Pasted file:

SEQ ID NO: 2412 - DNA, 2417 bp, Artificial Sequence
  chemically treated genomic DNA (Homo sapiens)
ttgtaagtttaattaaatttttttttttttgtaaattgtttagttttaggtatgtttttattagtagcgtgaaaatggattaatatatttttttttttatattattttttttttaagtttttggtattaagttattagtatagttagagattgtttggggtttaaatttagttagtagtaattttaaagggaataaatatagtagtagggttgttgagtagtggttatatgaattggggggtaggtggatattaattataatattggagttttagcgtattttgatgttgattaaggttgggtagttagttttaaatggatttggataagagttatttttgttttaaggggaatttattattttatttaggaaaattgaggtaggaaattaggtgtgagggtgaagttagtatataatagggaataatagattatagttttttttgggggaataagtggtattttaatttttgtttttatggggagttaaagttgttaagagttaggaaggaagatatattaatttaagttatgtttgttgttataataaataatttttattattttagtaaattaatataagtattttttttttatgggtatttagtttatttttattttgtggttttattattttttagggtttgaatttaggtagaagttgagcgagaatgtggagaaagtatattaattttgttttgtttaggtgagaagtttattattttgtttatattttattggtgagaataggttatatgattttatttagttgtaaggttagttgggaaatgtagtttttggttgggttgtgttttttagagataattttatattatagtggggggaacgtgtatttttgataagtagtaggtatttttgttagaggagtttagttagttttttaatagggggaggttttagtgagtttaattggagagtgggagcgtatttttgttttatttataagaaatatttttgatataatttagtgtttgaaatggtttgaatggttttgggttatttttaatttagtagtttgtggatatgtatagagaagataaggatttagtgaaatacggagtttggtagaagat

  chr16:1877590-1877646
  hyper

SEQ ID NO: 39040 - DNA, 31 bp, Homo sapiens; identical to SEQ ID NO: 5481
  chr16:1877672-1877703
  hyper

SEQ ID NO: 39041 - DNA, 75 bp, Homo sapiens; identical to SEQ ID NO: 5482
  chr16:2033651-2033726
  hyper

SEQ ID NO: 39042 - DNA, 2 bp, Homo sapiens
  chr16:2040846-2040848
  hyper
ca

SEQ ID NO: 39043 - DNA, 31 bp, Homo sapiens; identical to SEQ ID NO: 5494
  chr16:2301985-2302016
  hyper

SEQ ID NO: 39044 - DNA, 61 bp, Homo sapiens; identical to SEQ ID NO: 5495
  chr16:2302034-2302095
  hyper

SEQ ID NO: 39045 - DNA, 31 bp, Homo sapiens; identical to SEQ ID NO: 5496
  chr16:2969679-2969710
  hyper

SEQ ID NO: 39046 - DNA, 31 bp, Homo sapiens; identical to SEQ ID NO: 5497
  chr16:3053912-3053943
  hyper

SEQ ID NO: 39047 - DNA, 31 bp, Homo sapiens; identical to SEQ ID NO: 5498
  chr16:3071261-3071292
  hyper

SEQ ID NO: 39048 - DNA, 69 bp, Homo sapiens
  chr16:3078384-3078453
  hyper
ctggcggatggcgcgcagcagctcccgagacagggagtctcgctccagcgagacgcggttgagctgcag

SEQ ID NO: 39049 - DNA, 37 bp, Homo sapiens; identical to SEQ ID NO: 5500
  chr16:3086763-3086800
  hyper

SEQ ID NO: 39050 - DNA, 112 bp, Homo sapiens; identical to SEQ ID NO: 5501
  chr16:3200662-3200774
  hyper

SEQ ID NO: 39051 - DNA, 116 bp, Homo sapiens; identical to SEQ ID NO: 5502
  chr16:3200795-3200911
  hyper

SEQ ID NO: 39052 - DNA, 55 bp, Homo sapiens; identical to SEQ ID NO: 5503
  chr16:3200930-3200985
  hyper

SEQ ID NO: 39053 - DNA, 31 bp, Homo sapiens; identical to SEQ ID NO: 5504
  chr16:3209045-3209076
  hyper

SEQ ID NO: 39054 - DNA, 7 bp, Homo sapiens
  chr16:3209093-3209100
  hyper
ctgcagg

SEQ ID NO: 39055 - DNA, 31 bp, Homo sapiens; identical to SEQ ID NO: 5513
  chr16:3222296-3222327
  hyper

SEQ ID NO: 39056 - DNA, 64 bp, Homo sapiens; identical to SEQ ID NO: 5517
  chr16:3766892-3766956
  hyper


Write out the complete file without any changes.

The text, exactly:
SEQ ID NO: 2412 - DNA, 2417 bp, Artificial Sequence
  chemically treated genomic DNA (Homo sapiens)
ttgtaagtttaattaaatttttttttttttgtaaattgtttagttttaggtatgtttttattagtagcgtgaaaatggattaatatatttttttttttatattattttttttttaagtttttggtattaagttattagtatagttagagattgtttggggtttaaatttagttagtagtaattttaaagggaataaatatagtagtagggttgttgagtagtggttatatgaattggggggtaggtggatattaattataatattggagttttagcgtattttgatgttgattaaggttgggtagttagttttaaatggatttggataagagttatttttgttttaaggggaatttattattttatttaggaaaattgaggtaggaaattaggtgtgagggtgaagttagtatataatagggaataatagattatagttttttttgggggaataagtggtattttaatttttgtttttatggggagttaaagttgttaagagttaggaaggaagatatattaatttaagttatgtttgttgttataataaataatttttattattttagtaaattaatataagtattttttttttatgggtatttagtttatttttattttgtggttttattattttttagggtttgaatttaggtagaagttgagcgagaatgtggagaaagtatattaattttgttttgtttaggtgagaagtttattattttgtttatattttattggtgagaataggttatatgattttatttagttgtaaggttagttgggaaatgtagtttttggttgggttgtgttttttagagataattttatattatagtggggggaacgtgtatttttgataagtagtaggtatttttgttagaggagtttagttagttttttaatagggggaggttttagtgagtttaattggagagtgggagcgtatttttgttttatttataagaaatatttttgatataatttagtgtttgaaatggtttgaatggttttgggttatttttaatttagtagtttgtggatatgtatagagaagataaggatttagtgaaatacggagtttggtagaagat

  chr16:1877590-1877646
  hyper

SEQ ID NO: 39040 - DNA, 31 bp, Homo sapiens; identical to SEQ ID NO: 5481
  chr16:1877672-1877703
  hyper

SEQ ID NO: 39041 - DNA, 75 bp, Homo sapiens; identical to SEQ ID NO: 5482
  chr16:2033651-2033726
  hyper

SEQ ID NO: 39042 - DNA, 2 bp, Homo sapiens
  chr16:2040846-2040848
  hyper
ca

SEQ ID NO: 39043 - DNA, 31 bp, Homo sapiens; identical to SEQ ID NO: 5494
  chr16:2301985-2302016
  hyper

SEQ ID NO: 39044 - DNA, 61 bp, Homo sapiens; identical to SEQ ID NO: 5495
  chr16:2302034-2302095
  hyper

SEQ ID NO: 39045 - DNA, 31 bp, Homo sapiens; identical to SEQ ID NO: 5496
  chr16:2969679-2969710
  hyper

SEQ ID NO: 39046 - DNA, 31 bp, Homo sapiens; identical to SEQ ID NO: 5497
  chr16:3053912-3053943
  hyper

SEQ ID NO: 39047 - DNA, 31 bp, Homo sapiens; identical to SEQ ID NO: 5498
  chr16:3071261-3071292
  hyper

SEQ ID NO: 39048 - DNA, 69 bp, Homo sapiens
  chr16:3078384-3078453
  hyper
ctggcggatggcgcgcagcagctcccgagacagggagtctcgctccagcgagacgcggttgagctgcag

SEQ ID NO: 39049 - DNA, 37 bp, Homo sapiens; identical to SEQ ID NO: 5500
  chr16:3086763-3086800
  hyper

SEQ ID NO: 39050 - DNA, 112 bp, Homo sapiens; identical to SEQ ID NO: 5501
  chr16:3200662-3200774
  hyper

SEQ ID NO: 39051 - DNA, 116 bp, Homo sapiens; identical to SEQ ID NO: 5502
  chr16:3200795-3200911
  hyper

SEQ ID NO: 39052 - DNA, 55 bp, Homo sapiens; identical to SEQ ID NO: 5503
  chr16:3200930-3200985
  hyper

SEQ ID NO: 39053 - DNA, 31 bp, Homo sapiens; identical to SEQ ID NO: 5504
  chr16:3209045-3209076
  hyper

SEQ ID NO: 39054 - DNA, 7 bp, Homo sapiens
  chr16:3209093-3209100
  hyper
ctgcagg

SEQ ID NO: 39055 - DNA, 31 bp, Homo sapiens; identical to SEQ ID NO: 5513
  chr16:3222296-3222327
  hyper

SEQ ID NO: 39056 - DNA, 64 bp, Homo sapiens; identical to SEQ ID NO: 5517
  chr16:3766892-3766956
  hyper